On a cold winter’s day ca1990 we took it, shiny new, for a spin on Sterkfontein Dam outside Harrismith: Me, Dad, two Eskimos and a semi-eskimo.
We zoomed over the spot where Mom estimated her old farmhouse was – on Nuwejaarsvlei, where she grew up.
Back in 2005 our kids were quietly acquiring wisdom and knowledge (and singing and dancing skills) from an impeccable source – me – when they received a setback: A weekend visit from the Brauer at 10 Windsor Avenue. Old Pete visited. Luckily with Terry.
The bribery started immediately:
It took effect:
Precariously, reluctantly, ominously (more words here) I had to go to work Saturday morning. I KNEW this did not bode well. Indoctrination intensified in my absence. Sugar-laden indoctrination.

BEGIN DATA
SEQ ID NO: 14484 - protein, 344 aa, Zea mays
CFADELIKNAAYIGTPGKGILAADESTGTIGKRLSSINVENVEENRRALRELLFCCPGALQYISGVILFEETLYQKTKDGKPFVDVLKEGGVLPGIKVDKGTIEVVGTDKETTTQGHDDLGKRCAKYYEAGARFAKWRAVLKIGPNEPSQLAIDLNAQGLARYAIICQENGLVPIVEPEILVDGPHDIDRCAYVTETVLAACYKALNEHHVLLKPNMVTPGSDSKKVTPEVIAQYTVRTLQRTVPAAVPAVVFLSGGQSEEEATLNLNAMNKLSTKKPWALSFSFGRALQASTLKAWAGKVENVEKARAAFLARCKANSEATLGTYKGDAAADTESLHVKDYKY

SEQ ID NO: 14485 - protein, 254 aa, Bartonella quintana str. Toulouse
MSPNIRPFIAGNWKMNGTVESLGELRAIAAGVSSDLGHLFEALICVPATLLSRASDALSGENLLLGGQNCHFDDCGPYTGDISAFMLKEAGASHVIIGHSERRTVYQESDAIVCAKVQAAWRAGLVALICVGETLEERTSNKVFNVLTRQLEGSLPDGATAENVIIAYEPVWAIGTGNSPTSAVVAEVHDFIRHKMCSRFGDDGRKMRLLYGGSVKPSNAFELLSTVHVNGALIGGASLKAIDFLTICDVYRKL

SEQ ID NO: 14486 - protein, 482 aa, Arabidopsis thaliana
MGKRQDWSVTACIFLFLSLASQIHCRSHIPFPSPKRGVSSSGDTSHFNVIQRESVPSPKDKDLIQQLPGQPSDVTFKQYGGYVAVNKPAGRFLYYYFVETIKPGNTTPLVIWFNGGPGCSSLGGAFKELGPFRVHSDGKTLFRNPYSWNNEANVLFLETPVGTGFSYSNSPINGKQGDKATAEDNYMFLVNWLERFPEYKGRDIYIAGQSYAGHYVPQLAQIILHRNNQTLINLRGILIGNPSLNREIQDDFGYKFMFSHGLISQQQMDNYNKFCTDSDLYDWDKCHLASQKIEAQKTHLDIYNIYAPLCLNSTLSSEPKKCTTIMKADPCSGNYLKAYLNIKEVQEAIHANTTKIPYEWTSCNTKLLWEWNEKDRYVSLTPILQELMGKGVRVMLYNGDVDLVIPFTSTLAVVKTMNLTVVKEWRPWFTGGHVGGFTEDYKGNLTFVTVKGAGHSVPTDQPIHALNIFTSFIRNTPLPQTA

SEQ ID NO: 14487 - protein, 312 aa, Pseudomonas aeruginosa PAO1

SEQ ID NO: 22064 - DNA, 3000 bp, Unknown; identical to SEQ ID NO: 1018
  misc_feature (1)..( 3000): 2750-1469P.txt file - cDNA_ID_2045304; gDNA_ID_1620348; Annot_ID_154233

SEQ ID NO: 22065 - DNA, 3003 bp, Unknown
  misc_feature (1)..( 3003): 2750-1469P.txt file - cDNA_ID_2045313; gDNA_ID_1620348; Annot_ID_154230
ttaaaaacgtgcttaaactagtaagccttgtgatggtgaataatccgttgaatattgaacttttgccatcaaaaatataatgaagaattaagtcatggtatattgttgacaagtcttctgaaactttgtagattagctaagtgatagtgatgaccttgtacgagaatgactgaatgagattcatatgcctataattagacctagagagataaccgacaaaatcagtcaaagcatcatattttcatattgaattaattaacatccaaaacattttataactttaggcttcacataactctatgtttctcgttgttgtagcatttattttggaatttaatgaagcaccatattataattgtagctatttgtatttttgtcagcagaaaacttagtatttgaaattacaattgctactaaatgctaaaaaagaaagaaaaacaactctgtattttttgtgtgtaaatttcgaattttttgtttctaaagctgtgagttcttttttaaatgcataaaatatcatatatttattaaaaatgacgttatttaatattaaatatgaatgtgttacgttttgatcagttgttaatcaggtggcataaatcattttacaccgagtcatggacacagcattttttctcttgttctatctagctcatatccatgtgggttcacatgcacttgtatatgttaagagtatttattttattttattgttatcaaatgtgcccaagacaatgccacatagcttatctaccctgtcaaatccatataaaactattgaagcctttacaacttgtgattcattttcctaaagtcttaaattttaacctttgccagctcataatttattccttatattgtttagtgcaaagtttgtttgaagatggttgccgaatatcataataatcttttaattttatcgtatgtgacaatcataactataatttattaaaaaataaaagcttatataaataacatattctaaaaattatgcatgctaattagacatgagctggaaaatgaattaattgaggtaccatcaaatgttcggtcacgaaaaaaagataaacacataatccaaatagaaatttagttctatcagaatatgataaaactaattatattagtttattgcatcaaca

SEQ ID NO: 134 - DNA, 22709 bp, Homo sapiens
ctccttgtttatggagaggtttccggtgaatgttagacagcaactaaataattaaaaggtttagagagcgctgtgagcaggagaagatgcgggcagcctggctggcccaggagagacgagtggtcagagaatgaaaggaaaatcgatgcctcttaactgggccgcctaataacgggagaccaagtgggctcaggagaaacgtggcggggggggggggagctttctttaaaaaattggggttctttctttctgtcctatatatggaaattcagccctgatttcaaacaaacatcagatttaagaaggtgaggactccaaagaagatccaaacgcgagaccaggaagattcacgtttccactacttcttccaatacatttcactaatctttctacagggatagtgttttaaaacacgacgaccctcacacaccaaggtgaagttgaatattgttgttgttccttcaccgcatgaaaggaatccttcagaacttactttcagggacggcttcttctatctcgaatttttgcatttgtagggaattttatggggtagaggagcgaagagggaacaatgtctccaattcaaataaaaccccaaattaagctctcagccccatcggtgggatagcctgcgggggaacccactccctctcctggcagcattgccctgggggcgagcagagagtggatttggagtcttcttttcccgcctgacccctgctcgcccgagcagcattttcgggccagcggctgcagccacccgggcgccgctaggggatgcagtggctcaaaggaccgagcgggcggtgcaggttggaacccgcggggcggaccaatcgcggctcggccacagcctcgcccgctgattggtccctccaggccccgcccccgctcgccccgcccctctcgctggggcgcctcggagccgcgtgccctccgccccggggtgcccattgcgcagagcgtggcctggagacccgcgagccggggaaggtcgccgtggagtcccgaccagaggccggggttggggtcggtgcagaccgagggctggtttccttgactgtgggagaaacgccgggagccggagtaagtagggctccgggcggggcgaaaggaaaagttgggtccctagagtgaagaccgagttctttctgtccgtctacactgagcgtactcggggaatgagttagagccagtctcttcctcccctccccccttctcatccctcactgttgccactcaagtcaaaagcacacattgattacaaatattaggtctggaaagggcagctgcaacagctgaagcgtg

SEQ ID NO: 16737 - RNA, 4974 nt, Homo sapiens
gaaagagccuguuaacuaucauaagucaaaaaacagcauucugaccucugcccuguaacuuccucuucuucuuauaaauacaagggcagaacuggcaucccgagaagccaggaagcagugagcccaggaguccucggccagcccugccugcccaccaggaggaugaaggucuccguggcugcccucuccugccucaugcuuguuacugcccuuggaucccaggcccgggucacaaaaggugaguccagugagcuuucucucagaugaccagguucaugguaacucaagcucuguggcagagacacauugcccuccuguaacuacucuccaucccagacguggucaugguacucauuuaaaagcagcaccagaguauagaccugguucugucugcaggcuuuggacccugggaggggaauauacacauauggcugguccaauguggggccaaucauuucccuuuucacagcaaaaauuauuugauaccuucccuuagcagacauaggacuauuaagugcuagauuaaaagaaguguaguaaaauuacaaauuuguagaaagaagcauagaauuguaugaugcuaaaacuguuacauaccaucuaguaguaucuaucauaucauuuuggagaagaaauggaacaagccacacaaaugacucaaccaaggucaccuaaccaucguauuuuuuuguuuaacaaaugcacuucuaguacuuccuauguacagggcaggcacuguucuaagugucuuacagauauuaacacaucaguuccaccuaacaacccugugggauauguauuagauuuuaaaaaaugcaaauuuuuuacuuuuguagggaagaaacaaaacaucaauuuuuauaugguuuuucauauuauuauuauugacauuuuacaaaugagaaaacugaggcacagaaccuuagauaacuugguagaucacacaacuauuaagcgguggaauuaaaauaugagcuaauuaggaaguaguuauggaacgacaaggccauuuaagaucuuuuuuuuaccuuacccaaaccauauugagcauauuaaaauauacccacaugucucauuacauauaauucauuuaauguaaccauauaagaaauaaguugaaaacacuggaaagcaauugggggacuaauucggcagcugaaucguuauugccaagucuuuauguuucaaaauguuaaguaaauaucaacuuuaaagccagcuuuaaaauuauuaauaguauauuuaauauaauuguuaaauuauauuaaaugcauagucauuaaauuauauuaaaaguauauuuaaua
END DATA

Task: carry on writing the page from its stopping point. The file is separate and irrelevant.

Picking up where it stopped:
When I got back it was too late. You think corruption is bad nowadays? It was worse back then: The kids were now calling HIM Clever Pete and ME Old Pete!
It took a long while for Tom to recover:
I don’t think he was – I sure hope he wasn’t – bemoaning the fact that fate had given him a paleface barber who obviously didn’t know what he was doing.
. . were delightful. But they were all chaperoned by big ugly old males:
Oh well, I made the most of it by looking for Vrystaat poppies. At least some of them were unaccompanied:
And the local birds were also obliging:
Saturday Supper was delicious. Cafe Chocolat hidden in a massive pile of priceless collectibles:
We had a hilarious mixed message, crossed wire and different-planets outcome when I enquired about birders who might know where to watch birds around Ficksburg. The only ‘bird guy’ they knew was Johan and he replied to my sms asking where we could watch birds in the Ficksburg district thusly (translated):